The BKartA has blocked plans by the TV-channel operators RTL and Pro7Sat1 to form a joint venture for the provision of an online video platform.
The BKartA this week held that the creation of the joint platform would further strengthen the existing dominant duopoly of the two broadcasting groups on the market for TV advertising. Additionally, the BKartA expressed its concern that a coordination of business interests via the joint venture between the two competitors would also be very likely, which in turn would constitute an infringement against the prohibition of anti-competitive agreements.
RTL and Pro7Sat1 had planned to provide 'catch-up' television through the video platform, enabling viewers to access German- and Austrian-aired television programmes for up to seven days after transmission. It was intended for the service to cover both public and private television channels and to be available free of charge.
The decision marks the latest set-back in a lengthy process, which started with the initial notification of the 'full-function' joint venture to the European Commission on 6 August 2010. Following a downwards referral request from Germany and Austria, the question was referred to the national authorities at the end of August 2010, as the proposed transaction would affect competition in national online TV and advertising markets in Germany and Austria.
In Austria, the parties withdrew the notification on the very same day in late August 2010. The Austrian authority had voiced strong concerns that both parties, together with the former monopolist ORF, held approximately 80% market share in the TV advertising market.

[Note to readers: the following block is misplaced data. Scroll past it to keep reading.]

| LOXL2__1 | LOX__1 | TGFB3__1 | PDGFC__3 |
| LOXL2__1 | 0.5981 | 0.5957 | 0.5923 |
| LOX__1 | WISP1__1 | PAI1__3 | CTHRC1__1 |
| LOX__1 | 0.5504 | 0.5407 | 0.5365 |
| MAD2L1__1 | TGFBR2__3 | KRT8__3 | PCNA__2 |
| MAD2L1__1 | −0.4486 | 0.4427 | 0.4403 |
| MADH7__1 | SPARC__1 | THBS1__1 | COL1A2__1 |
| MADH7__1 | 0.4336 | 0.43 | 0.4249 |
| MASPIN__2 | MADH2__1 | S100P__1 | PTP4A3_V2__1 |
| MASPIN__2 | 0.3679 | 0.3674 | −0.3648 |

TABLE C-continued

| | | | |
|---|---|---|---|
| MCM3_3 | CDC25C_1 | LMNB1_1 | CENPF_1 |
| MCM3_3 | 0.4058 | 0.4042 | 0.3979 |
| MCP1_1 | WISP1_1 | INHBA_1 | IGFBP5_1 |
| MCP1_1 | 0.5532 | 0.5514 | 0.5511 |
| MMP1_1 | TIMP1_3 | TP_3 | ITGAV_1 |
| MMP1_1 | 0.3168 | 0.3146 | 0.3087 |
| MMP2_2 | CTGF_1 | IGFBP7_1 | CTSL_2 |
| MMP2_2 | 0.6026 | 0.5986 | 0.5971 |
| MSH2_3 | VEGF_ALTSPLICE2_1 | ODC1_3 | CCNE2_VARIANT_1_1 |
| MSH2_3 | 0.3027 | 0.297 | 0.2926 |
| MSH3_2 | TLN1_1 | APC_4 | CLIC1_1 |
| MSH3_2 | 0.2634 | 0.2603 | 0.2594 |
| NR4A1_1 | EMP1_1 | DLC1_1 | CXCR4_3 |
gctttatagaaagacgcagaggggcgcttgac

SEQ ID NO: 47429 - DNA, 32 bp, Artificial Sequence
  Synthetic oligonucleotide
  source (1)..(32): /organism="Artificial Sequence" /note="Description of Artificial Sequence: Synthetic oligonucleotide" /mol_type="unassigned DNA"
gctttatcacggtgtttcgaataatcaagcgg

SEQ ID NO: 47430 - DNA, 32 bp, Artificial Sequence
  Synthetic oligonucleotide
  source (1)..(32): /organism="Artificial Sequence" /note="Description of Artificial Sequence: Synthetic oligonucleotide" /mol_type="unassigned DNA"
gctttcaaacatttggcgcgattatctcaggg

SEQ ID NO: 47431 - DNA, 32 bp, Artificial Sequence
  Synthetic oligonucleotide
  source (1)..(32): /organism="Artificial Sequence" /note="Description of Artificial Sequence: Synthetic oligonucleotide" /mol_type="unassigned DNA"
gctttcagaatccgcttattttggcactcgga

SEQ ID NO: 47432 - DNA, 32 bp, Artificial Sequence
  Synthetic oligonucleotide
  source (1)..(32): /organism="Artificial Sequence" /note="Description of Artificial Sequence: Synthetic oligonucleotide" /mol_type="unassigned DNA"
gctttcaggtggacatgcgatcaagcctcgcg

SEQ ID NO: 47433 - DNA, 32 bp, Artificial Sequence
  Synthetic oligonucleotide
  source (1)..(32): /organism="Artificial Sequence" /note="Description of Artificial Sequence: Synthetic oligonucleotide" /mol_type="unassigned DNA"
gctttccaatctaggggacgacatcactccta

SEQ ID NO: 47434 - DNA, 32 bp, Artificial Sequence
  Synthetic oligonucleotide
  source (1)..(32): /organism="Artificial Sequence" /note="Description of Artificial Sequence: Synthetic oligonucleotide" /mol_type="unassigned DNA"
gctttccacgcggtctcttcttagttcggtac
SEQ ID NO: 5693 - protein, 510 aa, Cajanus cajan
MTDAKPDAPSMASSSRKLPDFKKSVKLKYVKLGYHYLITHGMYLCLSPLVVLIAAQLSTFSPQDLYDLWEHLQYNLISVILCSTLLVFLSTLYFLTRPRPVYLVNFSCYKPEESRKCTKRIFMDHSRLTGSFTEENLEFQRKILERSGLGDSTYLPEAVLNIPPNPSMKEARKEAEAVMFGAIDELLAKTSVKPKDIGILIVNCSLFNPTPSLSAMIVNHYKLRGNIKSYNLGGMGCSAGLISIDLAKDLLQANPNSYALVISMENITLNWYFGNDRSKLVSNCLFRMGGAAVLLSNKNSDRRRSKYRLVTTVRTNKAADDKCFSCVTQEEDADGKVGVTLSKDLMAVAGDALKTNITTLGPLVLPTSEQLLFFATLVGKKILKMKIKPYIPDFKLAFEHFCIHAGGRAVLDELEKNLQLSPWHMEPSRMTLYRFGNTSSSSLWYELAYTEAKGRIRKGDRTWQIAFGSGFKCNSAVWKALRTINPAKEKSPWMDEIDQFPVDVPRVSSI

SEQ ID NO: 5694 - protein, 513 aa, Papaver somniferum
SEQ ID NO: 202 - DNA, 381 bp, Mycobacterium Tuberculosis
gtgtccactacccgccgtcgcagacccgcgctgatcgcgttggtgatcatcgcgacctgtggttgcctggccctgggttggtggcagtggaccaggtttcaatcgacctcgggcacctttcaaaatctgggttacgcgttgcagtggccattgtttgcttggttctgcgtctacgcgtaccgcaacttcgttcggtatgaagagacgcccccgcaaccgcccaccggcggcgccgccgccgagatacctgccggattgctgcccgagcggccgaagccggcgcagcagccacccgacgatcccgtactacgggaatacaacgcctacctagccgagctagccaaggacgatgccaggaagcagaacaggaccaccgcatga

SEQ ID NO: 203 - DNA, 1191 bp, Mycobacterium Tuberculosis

In Germany, the BKartA opened an in-depth investigation into the market in late October 2010, setting the decision deadline on 21 March 2010. On 24 February 2011 the BKartA issued a statement of objection to RTL and Pro7Sat1, setting out the competition concerns it had identified in the planned joint venture. The BKartA was of the opinion that the joint venture in its intended form would strengthen the dominant duopoly of the parties on the market for TV advertising and increase the likelihood of business interests being coordinated.
The possible benefits of the deal, resulting in increased video-on-demand coverage would only outweigh the negative effects, if the platform was open to third parties as well as broadcasters and was purely technical. The parties could not allay these fears and it has been rumoured that third-party access to the platform proved the sticking point.
The BKartA decision is not yet legally binding. The last recourse now available to RTL and Pro7Sat1 is to appeal against the decision, in which case the Federal Court in Düsseldorf would have to decide on the issue. For now, the authority has killed the video star.
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